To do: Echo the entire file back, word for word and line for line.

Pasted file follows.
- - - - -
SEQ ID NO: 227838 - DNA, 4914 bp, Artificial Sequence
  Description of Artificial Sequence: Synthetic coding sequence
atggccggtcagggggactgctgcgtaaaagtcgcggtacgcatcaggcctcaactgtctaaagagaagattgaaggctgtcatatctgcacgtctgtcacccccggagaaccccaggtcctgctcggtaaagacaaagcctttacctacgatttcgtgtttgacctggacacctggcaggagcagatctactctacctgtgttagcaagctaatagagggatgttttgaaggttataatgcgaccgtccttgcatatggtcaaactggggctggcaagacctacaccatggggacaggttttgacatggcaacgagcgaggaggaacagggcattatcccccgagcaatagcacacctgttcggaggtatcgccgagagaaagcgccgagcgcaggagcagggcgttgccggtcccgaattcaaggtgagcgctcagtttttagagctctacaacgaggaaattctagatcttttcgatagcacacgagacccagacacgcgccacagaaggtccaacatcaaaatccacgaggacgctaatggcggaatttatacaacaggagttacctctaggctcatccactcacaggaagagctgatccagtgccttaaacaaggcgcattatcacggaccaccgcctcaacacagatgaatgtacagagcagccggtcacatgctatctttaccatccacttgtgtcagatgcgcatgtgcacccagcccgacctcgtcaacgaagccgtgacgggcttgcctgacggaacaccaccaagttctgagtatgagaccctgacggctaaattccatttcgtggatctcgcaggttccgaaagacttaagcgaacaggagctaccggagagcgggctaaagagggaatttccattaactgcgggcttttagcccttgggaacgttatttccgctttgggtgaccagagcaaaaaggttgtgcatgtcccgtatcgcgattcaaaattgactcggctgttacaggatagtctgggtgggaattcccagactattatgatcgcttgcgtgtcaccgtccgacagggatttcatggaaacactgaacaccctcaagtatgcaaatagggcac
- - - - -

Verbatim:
SEQ ID NO: 227838 - DNA, 4914 bp, Artificial Sequence
  Description of Artificial Sequence: Synthetic coding sequence
atggccggtcagggggactgctgcgtaaaagtcgcggtacgcatcaggcctcaactgtctaaagagaagattgaaggctgtcatatctgcacgtctgtcacccccggagaaccccaggtcctgctcggtaaagacaaagcctttacctacgatttcgtgtttgacctggacacctggcaggagcagatctactctacctgtgttagcaagctaatagagggatgttttgaaggttataatgcgaccgtccttgcatatggtcaaactggggctggcaagacctacaccatggggacaggttttgacatggcaacgagcgaggaggaacagggcattatcccccgagcaatagcacacctgttcggaggtatcgccgagagaaagcgccgagcgcaggagcagggcgttgccggtcccgaattcaaggtgagcgctcagtttttagagctctacaacgaggaaattctagatcttttcgatagcacacgagacccagacacgcgccacagaaggtccaacatcaaaatccacgaggacgctaatggcggaatttatacaacaggagttacctctaggctcatccactcacaggaagagctgatccagtgccttaaacaaggcgcattatcacggaccaccgcctcaacacagatgaatgtacagagcagccggtcacatgctatctttaccatccacttgtgtcagatgcgcatgtgcacccagcccgacctcgtcaacgaagccgtgacgggcttgcctgacggaacaccaccaagttctgagtatgagaccctgacggctaaattccatttcgtggatctcgcaggttccgaaagacttaagcgaacaggagctaccggagagcgggctaaagagggaatttccattaactgcgggcttttagcccttgggaacgttatttccgctttgggtgaccagagcaaaaaggttgtgcatgtcccgtatcgcgattcaaaattgactcggctgttacaggatagtctgggtgggaattcccagactattatgatcgcttgcgtgtcaccgtccgacagggatttcatggaaacactgaacaccctcaagtatgcaaatagggcac